A large Vietnamese conglomerate that dominates the domestic market for retail distribution of luxury and premium fashion brands has pulled the plug on an effort to become Vietnam’s first all-cargo carrier, according to news accounts from the region.
The decision means Vietravel Airlines, a leisure carrier, or Vietnam Airlines will be in position to become the first domestically owned and operated cargo carrier.
IMEX Pan Pacific Group was in the process of creating a local air network to connect the rest of the nation to the two international gateways in Hanoi and Ho Chi Minh City, while also providing export manufacturers with direct access to airlift. IPP Air Cargo had already leased four used Boeing 737-800 aircraft converted to carry cargo containers and was targeting late November to start commercial operations. Boeing partner GAMECO in Guangzhou, China, already completed two conversions.
IMEX Chairman Jonathan Hanh Nguyen told local media the company decided to end the venture because of a slowdown in shipment volumes ahead of a looming recession, Nikkei Asia reported Friday.
The distributor for brands such as Burberry, Tommy Hilfiger and Rolex had ambitious plans for a fleet of 10 long-haul, widebody aircraft for international service. IPP Air Cargo had been experiencing difficulty securing its air operator certificate from Vietnamese authorities. Unsuccessful efforts by FreightWaves to reach the company in recent weeks foreshadowed the shutdown.
The airline has withdrawn its licensing application. Nguyen said IPP Group could revive its plans if the air cargo market recovers, according to Vietnamese newspaper VN Express.
IPP Group, established in the mid-1980s by Nguyen, includes 17 subsidiaries and 18 joint ventures that operate everything from airport duty-free stores, fast-food franchises, fine-dining restaurants, retail stores, shopping malls, resort hotels and airport construction. It is the exclusive distributor for more than 100 international fashion, cosmetics, spirits, and tobacco brands.
IPPG had said its goal in launching a cargo airline was to bring more competition to the underserved market in Vietnam now dominated by foreign carriers. Agricultural and seafood exports are facing difficulty reaching overseas customers with ocean shipping congestion, officials said.
Two challenges for shippers are that Vietnam’s bilateral air agreements with other nations limit the ability of foreign carriers to increase service to Vietnam on their own. Those airlines can only land in Ho Chi Minh City and Hanoi, forcing businesses to find alternative transport to distribute goods elsewhere in the country.
In March, IPP Group signed an memorandum of understanding with Wagner Corp., an industrial real estate firm in Australia, to develop a direct-trade corridor between the Toowoomba Wellcamp Airport in Queensland and Cam Ranh International Airport on the south coast of Vietnam, according to Australian media reports and meat producer Mort & Co’s website. Service was expected to start in the first half of 2023.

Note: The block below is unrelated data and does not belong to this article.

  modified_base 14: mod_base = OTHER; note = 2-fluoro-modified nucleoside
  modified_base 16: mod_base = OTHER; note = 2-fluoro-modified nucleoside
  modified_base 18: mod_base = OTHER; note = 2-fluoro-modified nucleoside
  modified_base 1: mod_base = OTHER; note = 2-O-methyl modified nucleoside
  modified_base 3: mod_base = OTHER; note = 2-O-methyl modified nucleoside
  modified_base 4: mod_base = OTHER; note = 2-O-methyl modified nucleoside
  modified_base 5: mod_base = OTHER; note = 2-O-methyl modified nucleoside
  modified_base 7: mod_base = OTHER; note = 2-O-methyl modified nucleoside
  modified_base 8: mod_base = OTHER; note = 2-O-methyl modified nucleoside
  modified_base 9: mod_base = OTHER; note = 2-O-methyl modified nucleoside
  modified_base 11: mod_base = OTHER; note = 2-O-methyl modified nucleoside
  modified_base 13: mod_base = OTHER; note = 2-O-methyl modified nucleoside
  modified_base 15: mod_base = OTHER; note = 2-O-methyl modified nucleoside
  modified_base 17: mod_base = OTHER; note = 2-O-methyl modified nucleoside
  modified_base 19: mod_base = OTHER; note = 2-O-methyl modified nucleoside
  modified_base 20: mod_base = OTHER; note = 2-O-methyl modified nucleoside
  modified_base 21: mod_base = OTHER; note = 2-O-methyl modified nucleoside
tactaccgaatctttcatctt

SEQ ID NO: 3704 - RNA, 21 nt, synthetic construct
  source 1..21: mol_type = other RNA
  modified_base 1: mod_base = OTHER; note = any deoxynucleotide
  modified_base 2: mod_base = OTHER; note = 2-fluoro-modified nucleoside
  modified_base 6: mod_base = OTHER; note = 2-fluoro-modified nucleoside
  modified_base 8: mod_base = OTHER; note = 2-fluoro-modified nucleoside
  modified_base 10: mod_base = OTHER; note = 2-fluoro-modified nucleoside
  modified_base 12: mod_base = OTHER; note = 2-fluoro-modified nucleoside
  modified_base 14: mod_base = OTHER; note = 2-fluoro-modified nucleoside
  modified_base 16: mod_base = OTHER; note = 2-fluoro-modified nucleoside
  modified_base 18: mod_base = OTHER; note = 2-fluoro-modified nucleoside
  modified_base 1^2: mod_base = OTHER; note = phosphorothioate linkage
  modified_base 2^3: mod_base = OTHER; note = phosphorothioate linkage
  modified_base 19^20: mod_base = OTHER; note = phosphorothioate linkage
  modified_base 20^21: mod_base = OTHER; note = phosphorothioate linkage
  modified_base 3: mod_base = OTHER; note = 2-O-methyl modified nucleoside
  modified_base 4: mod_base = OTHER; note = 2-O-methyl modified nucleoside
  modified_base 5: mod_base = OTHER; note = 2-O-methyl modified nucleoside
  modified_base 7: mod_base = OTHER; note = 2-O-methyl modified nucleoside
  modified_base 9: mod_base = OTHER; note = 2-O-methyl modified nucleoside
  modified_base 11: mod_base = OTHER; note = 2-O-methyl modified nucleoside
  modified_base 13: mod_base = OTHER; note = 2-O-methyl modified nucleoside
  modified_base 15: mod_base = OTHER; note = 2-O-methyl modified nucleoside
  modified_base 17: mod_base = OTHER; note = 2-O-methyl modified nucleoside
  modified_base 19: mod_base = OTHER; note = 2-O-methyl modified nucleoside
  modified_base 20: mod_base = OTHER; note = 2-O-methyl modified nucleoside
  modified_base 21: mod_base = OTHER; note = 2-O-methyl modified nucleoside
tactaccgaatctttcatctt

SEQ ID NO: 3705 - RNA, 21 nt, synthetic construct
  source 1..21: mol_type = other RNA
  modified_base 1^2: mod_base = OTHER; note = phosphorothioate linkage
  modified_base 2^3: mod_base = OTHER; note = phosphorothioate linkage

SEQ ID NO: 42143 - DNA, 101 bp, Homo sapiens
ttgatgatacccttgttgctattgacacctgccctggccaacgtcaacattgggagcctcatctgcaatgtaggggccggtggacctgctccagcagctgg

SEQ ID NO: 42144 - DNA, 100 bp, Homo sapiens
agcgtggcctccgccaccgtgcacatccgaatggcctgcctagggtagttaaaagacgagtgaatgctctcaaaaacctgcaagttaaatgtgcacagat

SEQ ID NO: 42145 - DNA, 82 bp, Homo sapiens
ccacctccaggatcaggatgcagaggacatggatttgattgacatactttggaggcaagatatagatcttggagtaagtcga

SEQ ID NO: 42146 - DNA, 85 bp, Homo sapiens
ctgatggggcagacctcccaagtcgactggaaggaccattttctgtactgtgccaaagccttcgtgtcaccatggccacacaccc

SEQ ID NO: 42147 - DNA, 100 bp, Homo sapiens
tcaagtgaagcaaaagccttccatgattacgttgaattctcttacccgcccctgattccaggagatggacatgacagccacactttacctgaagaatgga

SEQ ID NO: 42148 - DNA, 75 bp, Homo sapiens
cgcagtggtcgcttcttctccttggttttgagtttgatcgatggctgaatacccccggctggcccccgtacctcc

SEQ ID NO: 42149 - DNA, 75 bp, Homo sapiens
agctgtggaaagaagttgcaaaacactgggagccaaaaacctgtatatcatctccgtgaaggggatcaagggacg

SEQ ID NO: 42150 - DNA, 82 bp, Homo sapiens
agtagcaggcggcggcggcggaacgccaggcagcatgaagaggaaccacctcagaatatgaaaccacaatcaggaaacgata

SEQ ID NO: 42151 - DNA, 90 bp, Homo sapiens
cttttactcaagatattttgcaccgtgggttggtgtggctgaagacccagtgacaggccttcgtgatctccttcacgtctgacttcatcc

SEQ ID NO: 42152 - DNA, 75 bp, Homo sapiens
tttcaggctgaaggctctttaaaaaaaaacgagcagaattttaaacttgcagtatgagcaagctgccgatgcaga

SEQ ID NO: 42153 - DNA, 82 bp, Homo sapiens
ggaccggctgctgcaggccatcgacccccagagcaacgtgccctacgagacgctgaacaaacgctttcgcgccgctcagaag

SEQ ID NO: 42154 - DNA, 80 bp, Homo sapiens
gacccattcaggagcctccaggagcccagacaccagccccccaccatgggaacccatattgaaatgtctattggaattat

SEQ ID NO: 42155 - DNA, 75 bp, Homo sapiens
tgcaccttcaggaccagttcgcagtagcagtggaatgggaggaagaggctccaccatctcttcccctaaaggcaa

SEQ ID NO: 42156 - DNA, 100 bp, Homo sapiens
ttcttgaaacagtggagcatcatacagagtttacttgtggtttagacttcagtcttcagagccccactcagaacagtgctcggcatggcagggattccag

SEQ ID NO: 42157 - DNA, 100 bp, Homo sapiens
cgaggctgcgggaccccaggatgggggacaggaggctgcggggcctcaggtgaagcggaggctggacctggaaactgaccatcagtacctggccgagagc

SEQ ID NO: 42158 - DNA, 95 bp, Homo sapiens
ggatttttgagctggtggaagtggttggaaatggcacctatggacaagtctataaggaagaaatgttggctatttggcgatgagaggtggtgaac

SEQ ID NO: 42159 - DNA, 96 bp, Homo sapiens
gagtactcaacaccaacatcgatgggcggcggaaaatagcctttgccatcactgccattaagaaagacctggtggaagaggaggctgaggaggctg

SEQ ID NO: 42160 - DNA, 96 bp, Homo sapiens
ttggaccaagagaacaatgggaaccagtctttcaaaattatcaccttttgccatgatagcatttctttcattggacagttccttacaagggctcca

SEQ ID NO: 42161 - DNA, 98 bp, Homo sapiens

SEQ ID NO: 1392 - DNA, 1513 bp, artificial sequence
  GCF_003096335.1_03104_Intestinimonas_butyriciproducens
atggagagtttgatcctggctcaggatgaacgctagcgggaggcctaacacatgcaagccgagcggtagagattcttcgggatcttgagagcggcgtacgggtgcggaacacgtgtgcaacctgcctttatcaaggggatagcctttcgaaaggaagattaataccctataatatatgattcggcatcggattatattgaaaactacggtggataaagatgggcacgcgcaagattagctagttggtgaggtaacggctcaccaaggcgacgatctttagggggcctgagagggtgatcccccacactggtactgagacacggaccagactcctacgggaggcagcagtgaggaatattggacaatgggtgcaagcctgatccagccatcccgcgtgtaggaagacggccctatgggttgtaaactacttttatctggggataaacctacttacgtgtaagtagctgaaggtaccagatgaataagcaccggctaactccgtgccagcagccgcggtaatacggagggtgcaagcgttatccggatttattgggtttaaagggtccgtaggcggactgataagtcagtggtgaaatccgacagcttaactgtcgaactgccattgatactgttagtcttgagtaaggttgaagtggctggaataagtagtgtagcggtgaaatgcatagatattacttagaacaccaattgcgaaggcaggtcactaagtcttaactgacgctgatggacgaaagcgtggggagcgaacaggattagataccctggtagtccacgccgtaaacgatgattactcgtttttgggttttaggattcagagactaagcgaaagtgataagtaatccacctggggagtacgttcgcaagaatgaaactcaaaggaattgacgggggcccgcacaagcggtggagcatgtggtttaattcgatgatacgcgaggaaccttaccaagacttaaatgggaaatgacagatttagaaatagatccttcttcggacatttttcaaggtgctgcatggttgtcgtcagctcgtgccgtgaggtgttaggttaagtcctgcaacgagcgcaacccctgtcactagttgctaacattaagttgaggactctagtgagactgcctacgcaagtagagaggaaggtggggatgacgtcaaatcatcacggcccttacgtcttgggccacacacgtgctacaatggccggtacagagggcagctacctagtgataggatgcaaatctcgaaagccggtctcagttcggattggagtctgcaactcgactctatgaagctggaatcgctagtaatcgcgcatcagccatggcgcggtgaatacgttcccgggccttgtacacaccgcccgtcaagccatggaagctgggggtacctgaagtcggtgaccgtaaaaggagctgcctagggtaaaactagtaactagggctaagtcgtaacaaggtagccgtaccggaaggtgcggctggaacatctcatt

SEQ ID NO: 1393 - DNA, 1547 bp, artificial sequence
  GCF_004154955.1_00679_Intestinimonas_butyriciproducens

The recent interest in establishing locally owned air cargo service in Vietnam is a response to more manufacturers expanding into the nation as a less-expensive and more politically stable alternative to China. Air cargo volume in Vietnam has grown at a 15% annual clip over the last three decades.
Vietnam Airlines, sensing increased demand for air cargo, recently signaled that it plans to add a stand-alone freighter division, using retired passenger aircraft modified to carry containers on the main deck. Vietravel Airlines, started last year by Vietnam’s largest travel agency, in September announced a joint venture with logistics provider Asean Cargo Gateway to develop a cargo airline called VUair Cargo.
VUair Cargo will focus on transporting goods between Vietnam and large factories in China, Malaysia, Indonesia and Thailand on a fleet of 737-800 converted freighters. Officials said they planned to start with up to four aircraft and double the fleet’s size by the second year.
“Vietnam has a lot of electronics manufacturing and other high-value goods for export and is a very rapidly growing market for air cargo,” said Mark Diamond, vice president at SASIWorld, in an email.
“There is a lot of widebody passenger belly and freighter capacity into the two main hubs, but one of the advantages of a home-registered carrier is that they can fly out of airports that are closer to the production centers,” Diamond said. “They can also route and schedule the freighters to meet the needs of specific beneficial cargo owners — shippers or end customers — rather than depending on passenger aircraft routings, which are primarily driven by passenger demand.”
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Vietnam Airlines to start freighter unit, convert A321s to cargo jets